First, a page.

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Former England captain Jamie Peacock admits bowing out of rugby league with a grand slam of trophies is a dream come true.
The 37-year-old prop forward brought the curtain down on his 17-year playing career by helping Leeds to their seventh Super League title with a 22-20 win over Wigan at Old Trafford and then revealed his premonition.
"I'm like Martin Luther King, I had a dream," Peacock said.
"I had a dream about three weeks ago that we beat Huddersfield, we beat St Helens and we played Wigan in the Grand Final.
"The belief the team showed at the end, and the skill and grit and discipline to win was incredible and highlights what's so great about this team."
Peacock, who will swap his playing kit for a suit when he takes up the newly-created position of football manager at Super League rivals Hull KR ahead of next season, typically led from the front as the Rhinos twice came from behind to become only the third team to complete the hat-trick of Grand Final, Challenge Cup and League Leaders' Shield.
St Helens were the last treble-winning team in 2006 while Peacock was a member of the Bradford side that achieved the feat in 2003, confirming his place among the greats of the modern game.
"It's a bit difficult to sum up," Peacock said. "I'm lost for words.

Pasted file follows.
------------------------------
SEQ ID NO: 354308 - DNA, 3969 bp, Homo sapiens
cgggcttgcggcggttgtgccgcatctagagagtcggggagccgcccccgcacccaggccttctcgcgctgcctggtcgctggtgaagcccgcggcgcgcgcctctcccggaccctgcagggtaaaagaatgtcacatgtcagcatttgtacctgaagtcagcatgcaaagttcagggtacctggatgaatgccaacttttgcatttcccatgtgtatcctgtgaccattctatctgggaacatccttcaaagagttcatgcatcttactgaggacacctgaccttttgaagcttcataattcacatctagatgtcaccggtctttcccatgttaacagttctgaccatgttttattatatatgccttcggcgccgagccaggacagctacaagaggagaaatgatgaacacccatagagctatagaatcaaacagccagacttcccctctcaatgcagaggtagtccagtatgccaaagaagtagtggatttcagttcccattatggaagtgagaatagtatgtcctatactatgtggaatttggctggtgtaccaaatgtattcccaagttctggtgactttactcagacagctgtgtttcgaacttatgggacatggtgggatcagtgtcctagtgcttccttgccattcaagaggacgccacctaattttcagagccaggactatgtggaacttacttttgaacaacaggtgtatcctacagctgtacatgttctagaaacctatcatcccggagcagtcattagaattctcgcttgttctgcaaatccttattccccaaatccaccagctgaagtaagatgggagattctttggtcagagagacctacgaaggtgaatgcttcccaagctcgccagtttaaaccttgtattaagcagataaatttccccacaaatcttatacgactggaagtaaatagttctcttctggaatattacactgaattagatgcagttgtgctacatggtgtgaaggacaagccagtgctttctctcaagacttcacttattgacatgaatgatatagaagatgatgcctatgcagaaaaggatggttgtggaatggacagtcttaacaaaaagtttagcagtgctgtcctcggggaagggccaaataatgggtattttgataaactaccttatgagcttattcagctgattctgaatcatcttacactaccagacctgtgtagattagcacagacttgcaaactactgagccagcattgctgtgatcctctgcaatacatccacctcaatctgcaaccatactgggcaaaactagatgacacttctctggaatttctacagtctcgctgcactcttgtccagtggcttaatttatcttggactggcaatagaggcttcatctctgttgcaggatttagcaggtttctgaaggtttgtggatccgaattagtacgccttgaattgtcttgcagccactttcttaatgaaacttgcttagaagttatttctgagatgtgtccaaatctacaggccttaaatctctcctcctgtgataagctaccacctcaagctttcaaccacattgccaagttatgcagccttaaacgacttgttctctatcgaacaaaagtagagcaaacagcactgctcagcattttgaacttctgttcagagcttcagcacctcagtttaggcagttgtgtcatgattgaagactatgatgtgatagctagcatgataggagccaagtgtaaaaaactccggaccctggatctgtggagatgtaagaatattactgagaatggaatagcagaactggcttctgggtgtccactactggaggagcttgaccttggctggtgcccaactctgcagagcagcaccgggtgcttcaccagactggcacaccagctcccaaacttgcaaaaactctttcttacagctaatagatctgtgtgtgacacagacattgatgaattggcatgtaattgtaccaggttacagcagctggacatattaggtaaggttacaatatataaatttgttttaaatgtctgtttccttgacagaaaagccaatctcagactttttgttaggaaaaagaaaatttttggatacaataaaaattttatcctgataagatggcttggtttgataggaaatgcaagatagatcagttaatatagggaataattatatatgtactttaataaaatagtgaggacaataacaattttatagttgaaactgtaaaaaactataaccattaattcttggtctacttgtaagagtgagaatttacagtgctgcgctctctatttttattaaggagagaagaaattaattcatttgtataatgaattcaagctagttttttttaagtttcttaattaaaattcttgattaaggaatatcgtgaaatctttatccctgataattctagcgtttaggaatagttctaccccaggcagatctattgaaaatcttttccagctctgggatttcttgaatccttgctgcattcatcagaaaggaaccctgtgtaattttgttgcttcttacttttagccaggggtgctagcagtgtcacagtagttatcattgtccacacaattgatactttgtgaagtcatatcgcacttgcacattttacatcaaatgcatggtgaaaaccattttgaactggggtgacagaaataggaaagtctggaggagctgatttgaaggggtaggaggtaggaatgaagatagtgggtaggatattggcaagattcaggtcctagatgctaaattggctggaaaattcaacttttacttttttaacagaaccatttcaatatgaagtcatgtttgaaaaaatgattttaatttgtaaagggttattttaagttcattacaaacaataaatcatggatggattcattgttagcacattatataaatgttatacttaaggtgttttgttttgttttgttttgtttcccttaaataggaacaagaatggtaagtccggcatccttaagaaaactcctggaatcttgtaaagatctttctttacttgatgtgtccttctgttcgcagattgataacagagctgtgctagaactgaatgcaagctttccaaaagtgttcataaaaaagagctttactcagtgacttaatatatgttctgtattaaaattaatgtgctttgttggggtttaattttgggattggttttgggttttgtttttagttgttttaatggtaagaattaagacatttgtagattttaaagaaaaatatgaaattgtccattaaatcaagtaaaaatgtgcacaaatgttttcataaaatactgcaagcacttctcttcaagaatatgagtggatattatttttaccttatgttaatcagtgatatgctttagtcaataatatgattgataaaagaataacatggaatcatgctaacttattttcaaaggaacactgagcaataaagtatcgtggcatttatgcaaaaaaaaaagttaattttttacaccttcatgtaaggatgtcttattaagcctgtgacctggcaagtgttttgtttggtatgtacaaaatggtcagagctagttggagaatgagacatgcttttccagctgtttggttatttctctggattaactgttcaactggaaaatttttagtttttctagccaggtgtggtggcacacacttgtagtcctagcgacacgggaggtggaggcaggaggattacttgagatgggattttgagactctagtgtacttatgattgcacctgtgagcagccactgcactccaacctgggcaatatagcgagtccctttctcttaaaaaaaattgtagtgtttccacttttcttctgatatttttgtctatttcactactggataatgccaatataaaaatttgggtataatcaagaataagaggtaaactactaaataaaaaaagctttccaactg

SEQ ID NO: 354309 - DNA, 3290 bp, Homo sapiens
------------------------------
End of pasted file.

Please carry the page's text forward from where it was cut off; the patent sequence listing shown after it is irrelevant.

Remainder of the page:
"You look where we were against Catalans five or six weeks ago and t o get to finish my career in that fashion, it's scripted like a movie.
"At the start of the year, I was just hoping to have a good season with the club. You obviously tip yourself up to try and win everything but I've never been in a season that has had as many big moments so close together.
"I just feel fortunate to be in a great team. It's a team sport and that's why rugby league is such a great sport."
It was a record-extending ninth Grand Final win on an unprecedented 11th appearance at Old Trafford for Peacock, who turns 38 in December.
His fellow front rower Kylie Leuluai, too, entered retirement on a high, preserving his 100 per cent record at Old Trafford with a sixth win, while there was also a fairytale finish for long-serving captain Kevin Sinfield, who will switch codes with the Rhinos' sister club Yorkshire Carnegie next month.
Half-back Danny McGuire, whose two first-half tries earned him the Harry Sunderland Trophy as man of the match, admitted the desire to send the club stalwarts out on a high had been a motivating factor.
"It was a bit emotional at times through the week," McGuire said. "The lads spoke at different times. I'm obviously great mates with all three of them and to send them on a high note, there's no better feeling.
"They deserve it. JP is an absolute warrior and it's going to be weird not having Kev's shirt at the side of mine on a Friday night at Headingley - we've played all our careers more or less together - and Kylie has been a warrior for the team as well."
McGuire, who turns 33 in December, is being tipped to take over the captaincy from Sinfield, who has done the job for the last 13 years.
"I've been captain a few times this year and I love it," McGuire said. "I enjoy that extra responsibility.
"I'm not sure what's going to happen. I feel I'm a leader in the team any way so being the captain wouldn't change anything.
"Kev has been the captain more or less since I came into the team and he's done a fantastic job. I'll definitely take some of his traits but that's not been decided yet so we'll see what happens."
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